News from Mardigian Library: June 2019
This month the library highlights the Provost Office’s first research and writing retreat, feature a Mardigian Library student assistant as she shares insights from her experience earning the LGBTQ Studies Certificate and suggest some great new books and DVDs in the browsing collection for everyone
Mardigian Library and the Provost’s Office host first research and writing retreat
The Mardigian Library partnered with the Provost’s Office to host the first annual Faculty Research & Writing Retreat in May. The planning committee included Interim Library Director Maureen Linker, Associate Provost Ilir Miteza, History Professor and Natural Sciences Interim Chairwoman Georgina Hickey History, and IMSE Professor and Chairman Armen Zakarian.
The retreat offered an opportunity for focused work within a supportive community of peers. A dinner social was held the night before the start of the retreat at Mint 29 in Dearborn. At the dinner, faculty from across campus had the opportunity to learn about each other’s research and enjoy some social time together before getting to work. The retreat then met for two days off campus at conference rooms in the Courtyard Marriott in Dearborn, which provided a distraction-free environment to write, discuss, and learn about productive research habits and practices.
Participation in the event was limited to 20 tenure-track faculty members based on applications demonstrating readiness for the writing activities, with preference for faculty in their first three years. Participating faculty were surveyed after the retreat and qualitative comments included, “Excellent choice to have it right at the beginning of the summer. I've had so many service and teaching meetings to attend this May that I might not have gotten into my research mindset if it weren't for the writing retreat. I feel very grateful that now I have my focus on research.”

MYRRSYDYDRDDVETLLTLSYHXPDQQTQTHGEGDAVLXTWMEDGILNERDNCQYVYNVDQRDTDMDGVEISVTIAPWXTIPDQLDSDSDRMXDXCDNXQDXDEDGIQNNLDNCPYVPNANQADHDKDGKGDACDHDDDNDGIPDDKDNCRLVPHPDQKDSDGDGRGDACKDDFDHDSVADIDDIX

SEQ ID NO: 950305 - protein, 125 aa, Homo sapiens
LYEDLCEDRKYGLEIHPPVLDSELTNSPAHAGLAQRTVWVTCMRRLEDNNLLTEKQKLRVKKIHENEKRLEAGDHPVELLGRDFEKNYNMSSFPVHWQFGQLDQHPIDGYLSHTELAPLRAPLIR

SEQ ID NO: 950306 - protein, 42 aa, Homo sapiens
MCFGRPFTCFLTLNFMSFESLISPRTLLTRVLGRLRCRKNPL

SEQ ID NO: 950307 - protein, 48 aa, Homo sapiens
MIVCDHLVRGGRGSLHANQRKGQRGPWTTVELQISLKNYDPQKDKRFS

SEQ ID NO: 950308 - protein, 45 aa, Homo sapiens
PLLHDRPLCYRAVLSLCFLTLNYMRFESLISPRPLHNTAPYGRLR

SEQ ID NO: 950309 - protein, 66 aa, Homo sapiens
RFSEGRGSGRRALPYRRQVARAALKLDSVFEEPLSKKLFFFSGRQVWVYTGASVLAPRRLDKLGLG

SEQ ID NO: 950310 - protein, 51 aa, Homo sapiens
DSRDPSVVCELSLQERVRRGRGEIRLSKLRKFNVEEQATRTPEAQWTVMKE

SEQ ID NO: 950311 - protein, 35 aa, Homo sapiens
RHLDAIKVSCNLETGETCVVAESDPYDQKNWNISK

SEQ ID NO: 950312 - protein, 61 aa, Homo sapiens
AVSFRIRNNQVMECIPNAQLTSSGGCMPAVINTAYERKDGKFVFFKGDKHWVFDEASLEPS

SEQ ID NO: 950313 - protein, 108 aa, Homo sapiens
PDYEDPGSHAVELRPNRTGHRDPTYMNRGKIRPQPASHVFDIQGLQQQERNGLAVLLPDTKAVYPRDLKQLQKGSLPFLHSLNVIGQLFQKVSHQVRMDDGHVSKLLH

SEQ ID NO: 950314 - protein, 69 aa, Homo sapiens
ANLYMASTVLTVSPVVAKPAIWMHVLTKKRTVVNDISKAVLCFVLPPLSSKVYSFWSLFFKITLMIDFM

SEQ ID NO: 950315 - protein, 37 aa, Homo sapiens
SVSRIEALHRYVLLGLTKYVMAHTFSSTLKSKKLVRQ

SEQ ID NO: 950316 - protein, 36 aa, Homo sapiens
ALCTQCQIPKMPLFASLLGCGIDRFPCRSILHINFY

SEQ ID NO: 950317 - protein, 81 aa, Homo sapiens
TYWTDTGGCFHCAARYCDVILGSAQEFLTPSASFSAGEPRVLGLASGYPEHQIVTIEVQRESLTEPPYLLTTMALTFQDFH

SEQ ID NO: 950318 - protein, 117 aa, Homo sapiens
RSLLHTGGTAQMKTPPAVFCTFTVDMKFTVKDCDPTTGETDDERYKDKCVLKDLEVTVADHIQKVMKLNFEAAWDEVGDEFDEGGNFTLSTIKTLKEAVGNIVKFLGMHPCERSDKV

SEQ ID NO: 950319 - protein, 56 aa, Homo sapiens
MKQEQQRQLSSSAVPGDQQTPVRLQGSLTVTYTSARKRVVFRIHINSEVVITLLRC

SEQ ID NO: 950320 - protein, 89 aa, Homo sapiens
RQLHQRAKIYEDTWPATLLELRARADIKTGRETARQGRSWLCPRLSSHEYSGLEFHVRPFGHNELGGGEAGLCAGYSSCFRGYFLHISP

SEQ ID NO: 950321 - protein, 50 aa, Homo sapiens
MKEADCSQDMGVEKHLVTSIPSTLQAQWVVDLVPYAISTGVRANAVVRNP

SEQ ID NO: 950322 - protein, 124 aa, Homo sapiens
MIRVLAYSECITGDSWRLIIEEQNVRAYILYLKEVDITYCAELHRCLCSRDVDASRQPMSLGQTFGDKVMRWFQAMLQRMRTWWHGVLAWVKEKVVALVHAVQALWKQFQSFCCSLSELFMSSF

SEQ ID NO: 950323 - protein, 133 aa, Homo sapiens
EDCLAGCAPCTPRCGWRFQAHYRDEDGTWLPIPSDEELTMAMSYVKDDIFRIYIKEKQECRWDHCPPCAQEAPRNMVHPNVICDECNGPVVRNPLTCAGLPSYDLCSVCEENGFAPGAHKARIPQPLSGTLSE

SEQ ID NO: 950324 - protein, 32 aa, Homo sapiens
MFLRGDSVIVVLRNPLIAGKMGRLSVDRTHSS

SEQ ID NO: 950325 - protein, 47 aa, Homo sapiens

Mardigian Library student assistant shares insights from experience earning the LGBTQ Studies Certificate
In honor of Pride Month, the Mardigian Library would like to highlight Bethany McQuiston, a student assistant in the library’s User Services Department, who recently earned the LGBTQ Studies Certificate during this year’s Lavender Celebration ceremony. In this article, Bethany provides insight into her motivation behind earning the certificate, her favorite class, and advice for students interested in earning the certificate.
Why did you choose to earn the LGBTQ Studies Certificate? How does earning this certificate tie into your future career goals?I chose to pursue the LGBTQ Studies Certificate mainly because I am going into psychology and plan on becoming a mental health counselor who works with children, adolescents, and young adults in the future. I know that the rates of mental illness within the LGBTQ community are high and that I will more than likely work with someone who identifies as a part of the LGBTQ community in my future career. I thought that it would be beneficial to my future clients if I knew more about specific issues that the community faces. I also just thought that it was really cool that there was an LGBTQ Studies Certificate program being offered at UM-Dearborn. LGBTQ rights and activism have been very important to me for many years now. I thought that it was a really cool opportunity to be able to study these topics more in an academic setting.
What was your favorite class that was offered from the LGBTQ Studies Certificate?